[ prom-is ]
/ ˈprɒm ɪs /


verb (used with object), prom·ised, prom·is·ing.

verb (used without object), prom·ised, prom·is·ing.

to afford ground for expectation (often followed by well or fair): His forthcoming novel promises well.
to make a promise.

Origin of promise

1375–1425; (noun) late Middle English promis(se) < Medieval Latin prōmissa, for Latin prōmissum, noun use of neuter past participle of prōmittere to promise, literally, to send forth, equivalent to prō- pro-1 + mittere to send; (v.) late Middle English promisen, derivative of the noun

OTHER WORDS FROM promise Unabridged Based on the Random House Unabridged Dictionary, © Random House, Inc. 2020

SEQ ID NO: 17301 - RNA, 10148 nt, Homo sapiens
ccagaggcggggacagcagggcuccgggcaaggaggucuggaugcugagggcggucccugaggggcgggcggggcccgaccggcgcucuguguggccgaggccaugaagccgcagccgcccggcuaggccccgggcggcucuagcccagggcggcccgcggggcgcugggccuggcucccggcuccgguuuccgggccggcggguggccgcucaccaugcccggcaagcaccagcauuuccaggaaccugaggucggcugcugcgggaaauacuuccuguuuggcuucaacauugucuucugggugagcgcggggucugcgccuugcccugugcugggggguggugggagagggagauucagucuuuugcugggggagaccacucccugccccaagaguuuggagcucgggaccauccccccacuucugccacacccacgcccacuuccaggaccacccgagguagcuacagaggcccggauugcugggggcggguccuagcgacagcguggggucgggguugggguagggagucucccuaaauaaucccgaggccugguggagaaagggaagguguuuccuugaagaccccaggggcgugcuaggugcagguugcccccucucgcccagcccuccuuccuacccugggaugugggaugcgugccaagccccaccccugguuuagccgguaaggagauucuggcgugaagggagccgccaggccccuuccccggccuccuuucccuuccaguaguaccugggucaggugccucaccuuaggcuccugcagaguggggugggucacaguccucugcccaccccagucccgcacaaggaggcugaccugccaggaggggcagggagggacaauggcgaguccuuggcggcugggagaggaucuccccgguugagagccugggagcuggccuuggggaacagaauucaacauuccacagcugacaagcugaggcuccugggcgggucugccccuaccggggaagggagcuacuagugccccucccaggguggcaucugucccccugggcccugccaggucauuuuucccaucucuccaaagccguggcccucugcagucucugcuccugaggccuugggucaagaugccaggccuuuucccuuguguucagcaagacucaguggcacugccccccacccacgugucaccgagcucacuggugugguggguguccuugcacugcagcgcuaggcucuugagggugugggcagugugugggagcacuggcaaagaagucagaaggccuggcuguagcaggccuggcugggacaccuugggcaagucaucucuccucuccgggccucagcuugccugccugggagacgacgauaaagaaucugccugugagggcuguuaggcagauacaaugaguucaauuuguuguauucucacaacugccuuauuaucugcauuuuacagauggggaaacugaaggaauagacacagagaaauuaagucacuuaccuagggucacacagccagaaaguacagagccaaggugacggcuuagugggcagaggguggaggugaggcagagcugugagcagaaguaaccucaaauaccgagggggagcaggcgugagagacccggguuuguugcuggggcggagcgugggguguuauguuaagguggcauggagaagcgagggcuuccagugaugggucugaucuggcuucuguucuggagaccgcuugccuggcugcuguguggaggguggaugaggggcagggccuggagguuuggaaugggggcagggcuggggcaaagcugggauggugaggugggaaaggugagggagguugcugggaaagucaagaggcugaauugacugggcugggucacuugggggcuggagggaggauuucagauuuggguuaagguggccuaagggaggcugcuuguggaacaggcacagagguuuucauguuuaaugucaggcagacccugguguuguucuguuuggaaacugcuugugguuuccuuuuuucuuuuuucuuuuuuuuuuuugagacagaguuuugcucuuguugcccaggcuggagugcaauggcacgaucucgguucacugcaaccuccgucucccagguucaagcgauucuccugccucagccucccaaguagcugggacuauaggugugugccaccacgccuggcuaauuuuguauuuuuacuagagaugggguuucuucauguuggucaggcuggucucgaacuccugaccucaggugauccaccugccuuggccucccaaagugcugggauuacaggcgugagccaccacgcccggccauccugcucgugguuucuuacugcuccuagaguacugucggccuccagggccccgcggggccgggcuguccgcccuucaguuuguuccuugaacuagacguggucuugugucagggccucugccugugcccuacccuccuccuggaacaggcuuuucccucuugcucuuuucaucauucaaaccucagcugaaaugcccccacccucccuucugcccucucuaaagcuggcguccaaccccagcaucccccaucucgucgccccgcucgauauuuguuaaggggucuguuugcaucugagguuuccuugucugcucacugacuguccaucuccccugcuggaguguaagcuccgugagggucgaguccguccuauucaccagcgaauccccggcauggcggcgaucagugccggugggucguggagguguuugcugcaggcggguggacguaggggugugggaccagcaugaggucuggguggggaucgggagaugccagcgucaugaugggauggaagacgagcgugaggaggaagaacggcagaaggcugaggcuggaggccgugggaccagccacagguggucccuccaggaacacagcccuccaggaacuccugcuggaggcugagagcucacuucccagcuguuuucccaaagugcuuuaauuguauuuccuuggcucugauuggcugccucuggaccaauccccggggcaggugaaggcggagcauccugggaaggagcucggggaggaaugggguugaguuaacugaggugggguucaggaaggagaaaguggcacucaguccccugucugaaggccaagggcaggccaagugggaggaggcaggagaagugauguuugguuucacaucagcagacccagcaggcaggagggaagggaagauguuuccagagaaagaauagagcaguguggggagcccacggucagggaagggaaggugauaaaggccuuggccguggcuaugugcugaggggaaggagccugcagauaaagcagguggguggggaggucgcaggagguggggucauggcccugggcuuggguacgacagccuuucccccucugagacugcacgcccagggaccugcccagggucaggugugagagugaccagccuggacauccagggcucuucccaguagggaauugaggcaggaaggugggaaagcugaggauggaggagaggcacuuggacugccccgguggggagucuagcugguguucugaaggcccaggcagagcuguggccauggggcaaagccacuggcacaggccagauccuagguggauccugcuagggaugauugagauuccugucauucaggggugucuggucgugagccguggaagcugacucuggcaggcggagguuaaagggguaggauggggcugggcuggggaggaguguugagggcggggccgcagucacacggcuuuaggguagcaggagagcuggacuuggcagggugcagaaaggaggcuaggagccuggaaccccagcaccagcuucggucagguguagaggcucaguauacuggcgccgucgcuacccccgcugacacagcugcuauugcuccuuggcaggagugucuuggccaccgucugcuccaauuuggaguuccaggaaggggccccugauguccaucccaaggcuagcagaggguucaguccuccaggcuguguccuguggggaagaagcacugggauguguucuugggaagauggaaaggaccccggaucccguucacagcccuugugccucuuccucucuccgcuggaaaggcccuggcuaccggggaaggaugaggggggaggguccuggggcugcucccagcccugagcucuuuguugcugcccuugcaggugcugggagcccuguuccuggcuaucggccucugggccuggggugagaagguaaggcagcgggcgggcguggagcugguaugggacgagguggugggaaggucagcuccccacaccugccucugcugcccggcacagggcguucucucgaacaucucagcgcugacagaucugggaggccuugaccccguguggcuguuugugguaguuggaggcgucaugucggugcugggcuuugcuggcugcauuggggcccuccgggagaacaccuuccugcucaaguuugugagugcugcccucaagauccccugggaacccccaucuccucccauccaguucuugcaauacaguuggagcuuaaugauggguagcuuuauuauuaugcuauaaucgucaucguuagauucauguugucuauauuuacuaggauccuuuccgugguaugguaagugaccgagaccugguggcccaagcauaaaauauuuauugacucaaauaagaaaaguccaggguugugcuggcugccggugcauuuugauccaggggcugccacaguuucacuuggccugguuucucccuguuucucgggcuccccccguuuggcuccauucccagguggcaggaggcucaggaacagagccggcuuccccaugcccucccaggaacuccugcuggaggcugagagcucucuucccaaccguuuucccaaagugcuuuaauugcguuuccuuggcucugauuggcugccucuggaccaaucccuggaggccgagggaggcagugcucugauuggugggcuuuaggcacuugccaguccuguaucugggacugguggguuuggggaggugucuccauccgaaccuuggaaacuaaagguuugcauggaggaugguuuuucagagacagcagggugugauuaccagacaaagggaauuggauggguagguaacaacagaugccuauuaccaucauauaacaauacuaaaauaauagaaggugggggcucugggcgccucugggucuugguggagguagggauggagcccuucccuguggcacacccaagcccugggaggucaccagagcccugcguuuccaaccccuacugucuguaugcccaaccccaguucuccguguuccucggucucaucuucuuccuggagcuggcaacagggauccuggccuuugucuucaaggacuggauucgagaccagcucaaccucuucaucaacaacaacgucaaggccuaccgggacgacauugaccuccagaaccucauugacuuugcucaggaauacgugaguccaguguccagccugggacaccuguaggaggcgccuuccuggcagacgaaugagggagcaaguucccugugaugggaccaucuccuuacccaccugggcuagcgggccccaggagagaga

Examples from the Web for promise

British Dictionary definitions for promise

/ (ˈprɒmɪs) /



Derived forms of promise

promiser, noun

Word Origin for promise

C14: from Latin prōmissum a promise, from prōmittere to send forth
Collins English Dictionary - Complete & Unabridged 2012 Digital Edition © William Collins Sons & Co. Ltd. 1979, 1986 © HarperCollins Publishers 1998, 2000, 2003, 2005, 2006, 2007, 2009, 2012

Idioms and Phrases with promise


see lick and a promise.

The American Heritage® Idioms Dictionary Copyright © 2002, 2001, 1995 by Houghton Mifflin Harcourt Publishing Company. Published by Houghton Mifflin Harcourt Publishing Company.